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Retail banking, traditionally one of the most customer-centric businesses, has been left in the dust when it comes to the digital world. In a recent issue of 360° – the Business Transformation Journal, experts from the banking and technology industries share some key insights on why retail banks are lagging and what they must do to catch up.

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The article, “New Banking Trends, A Step towards Connected Banking,” discusses how the small advances traditional brick and mortar banks have implemented are not enough for them to be taken seriously in the digital world.

Instead of using mobile services to promote product, banks must seriously start thinking about how people want to be connected digitally. The steadfast focus of banks on products is a significant disadvantage in the customer-centric digital world and many banks don’t get that. The opportunities are there – Web 2.0 and the mobile Internet can provide a foundation for a new way of banking, but many institutions have what the authors call “technological paralysis.”

What’s a bank to do?

So what will it take for a bank to fit into a digital lifestyle? According to the experts, here are the key qualities banks need to adopt:

  • Openness when dealing with customers – they’re fantastic co-producers so get them involved.
  • Design thinking – use feedback to evaluate new offerings and muster up the courage to discard the ones that don’t work.
  • Knowledge workers – make sure they’re networked, and no longer siloed.
  • Openness with dealing with third-party offers – help your customers get the best products, even if they’re not yours.
  • Customer development – realize branches are the icing on the cake, and no longer the foundation of customer-centric banking.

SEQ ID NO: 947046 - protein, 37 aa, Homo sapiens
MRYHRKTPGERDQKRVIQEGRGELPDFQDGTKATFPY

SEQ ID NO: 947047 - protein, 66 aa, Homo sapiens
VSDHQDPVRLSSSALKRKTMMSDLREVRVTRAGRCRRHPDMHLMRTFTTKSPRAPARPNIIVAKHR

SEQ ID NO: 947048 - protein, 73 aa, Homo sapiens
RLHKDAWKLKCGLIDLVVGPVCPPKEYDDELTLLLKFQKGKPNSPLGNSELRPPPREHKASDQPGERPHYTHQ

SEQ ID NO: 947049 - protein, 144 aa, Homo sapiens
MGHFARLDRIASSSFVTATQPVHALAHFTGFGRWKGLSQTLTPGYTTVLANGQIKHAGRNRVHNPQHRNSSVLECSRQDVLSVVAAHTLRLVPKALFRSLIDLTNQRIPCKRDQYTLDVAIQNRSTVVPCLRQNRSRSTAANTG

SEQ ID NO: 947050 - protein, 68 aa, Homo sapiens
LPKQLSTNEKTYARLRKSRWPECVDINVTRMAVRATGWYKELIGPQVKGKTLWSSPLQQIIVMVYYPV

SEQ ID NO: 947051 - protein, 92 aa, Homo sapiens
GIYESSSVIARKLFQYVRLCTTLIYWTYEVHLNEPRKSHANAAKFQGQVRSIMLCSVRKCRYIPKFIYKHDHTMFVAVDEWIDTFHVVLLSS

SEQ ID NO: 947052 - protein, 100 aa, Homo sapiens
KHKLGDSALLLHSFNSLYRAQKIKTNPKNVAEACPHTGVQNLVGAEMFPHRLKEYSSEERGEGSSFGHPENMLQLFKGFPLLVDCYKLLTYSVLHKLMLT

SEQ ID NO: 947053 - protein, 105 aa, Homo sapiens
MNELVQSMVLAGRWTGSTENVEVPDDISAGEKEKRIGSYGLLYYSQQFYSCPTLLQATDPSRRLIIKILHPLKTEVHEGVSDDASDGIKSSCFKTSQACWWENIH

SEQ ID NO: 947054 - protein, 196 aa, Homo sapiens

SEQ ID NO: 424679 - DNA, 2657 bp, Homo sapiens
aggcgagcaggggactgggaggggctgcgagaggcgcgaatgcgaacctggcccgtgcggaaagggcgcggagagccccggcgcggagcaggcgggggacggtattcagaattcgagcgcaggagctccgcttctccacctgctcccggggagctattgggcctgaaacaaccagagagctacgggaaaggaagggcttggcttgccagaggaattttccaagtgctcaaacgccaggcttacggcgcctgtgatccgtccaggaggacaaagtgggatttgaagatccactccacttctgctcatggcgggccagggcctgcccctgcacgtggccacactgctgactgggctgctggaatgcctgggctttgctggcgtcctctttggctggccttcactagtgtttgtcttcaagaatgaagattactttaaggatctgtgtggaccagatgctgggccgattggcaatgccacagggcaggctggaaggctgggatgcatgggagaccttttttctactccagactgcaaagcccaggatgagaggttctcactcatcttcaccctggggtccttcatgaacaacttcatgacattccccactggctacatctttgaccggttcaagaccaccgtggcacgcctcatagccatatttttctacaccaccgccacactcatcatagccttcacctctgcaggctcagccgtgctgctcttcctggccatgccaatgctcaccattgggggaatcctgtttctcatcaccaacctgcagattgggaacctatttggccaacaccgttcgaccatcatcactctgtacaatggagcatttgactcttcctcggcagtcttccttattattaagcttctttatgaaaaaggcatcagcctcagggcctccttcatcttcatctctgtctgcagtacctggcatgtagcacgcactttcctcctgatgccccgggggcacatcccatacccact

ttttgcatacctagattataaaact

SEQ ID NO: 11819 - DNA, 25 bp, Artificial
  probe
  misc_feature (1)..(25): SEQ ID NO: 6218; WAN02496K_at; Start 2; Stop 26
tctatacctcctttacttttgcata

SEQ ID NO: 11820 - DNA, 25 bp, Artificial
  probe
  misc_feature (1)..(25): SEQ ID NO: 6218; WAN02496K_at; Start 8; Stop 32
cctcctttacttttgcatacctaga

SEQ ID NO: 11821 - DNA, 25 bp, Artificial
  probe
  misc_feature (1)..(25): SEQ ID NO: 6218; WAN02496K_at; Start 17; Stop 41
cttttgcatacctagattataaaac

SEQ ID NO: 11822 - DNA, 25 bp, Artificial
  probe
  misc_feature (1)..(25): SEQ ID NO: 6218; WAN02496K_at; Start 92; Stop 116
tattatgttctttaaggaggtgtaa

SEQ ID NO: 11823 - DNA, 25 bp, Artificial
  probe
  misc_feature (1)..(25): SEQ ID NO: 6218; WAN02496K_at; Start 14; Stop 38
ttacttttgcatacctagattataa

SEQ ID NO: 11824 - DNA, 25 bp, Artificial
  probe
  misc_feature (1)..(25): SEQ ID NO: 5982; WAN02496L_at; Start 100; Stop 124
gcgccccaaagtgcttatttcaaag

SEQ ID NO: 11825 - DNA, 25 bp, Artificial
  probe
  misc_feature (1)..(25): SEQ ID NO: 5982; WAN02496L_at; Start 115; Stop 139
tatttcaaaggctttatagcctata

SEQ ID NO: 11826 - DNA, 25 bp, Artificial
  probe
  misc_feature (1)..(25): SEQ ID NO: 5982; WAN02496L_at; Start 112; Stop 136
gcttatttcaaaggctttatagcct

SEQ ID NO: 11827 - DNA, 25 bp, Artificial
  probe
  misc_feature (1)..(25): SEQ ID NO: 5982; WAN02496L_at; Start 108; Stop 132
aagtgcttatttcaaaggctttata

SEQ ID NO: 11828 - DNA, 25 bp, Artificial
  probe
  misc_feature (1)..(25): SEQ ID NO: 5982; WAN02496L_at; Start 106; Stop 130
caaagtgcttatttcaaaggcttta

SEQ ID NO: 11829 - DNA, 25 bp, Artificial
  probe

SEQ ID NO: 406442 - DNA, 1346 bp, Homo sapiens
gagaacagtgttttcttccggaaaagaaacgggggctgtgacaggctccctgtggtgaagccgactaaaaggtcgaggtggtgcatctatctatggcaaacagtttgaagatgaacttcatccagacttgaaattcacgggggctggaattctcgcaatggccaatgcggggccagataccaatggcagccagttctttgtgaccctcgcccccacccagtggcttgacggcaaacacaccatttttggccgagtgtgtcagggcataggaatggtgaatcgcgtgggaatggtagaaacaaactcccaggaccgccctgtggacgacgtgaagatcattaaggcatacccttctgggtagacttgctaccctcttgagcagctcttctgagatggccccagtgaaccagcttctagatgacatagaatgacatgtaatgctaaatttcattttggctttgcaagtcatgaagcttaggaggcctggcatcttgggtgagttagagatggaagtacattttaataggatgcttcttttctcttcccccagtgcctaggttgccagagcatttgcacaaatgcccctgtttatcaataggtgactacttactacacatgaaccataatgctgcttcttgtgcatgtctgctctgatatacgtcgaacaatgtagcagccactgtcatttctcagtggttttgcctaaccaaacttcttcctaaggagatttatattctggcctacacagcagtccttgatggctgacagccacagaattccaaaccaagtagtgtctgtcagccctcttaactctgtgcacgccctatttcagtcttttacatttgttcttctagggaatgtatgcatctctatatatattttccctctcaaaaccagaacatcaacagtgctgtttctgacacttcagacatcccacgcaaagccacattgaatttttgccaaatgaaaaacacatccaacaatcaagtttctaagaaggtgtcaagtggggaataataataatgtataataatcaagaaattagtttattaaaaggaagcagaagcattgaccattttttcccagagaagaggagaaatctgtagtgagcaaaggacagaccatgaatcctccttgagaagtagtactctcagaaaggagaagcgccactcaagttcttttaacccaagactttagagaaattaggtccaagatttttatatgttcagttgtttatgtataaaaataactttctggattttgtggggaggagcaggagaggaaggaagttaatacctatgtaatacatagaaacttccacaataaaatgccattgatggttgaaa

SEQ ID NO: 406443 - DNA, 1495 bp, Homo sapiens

And there’s one more thing – banks need a sophisticated IT platform to support all of the above. Look for an open, flexible, and

scalable platform that allows Web services and mobile apps to be quickly integrated into the platform. Transparency, speed, and support for real-time customer data are equally important.

Here’s how banks should do it!

The article shares a highly successful example of a virtual bank that gets what it means to be connected. Fibor Bank AG in Germany has a prepaid credit card with emergency funding which gives people access to money that they might need in a pinch. This reduces the need to carry multiple credit cards and creates great convenience for the bank’s customers. The bank also has initiated “social lending,” which integrates third-party products and services – a rarity in retail banking.

There is also a video link at the end of the article that highlights an innovative service from the Commonwealth Bank in Australia. Its offering, CommBank Kaching, provides a true mobile banking experience, with the ability to pay on the spot via email or Facebook.

To read more insights on this topic, access the full article on page 6 of Issue 10 of 360° – the Business Transformation Journal. This publication is produced by the Business Transformation Academy, a thought leadership network devoted to providing cutting-edge insights on innovation and business transformation. For more business transformation articles on the SAP Community Network, please visit the 360° – the Business Transformation Journal library.

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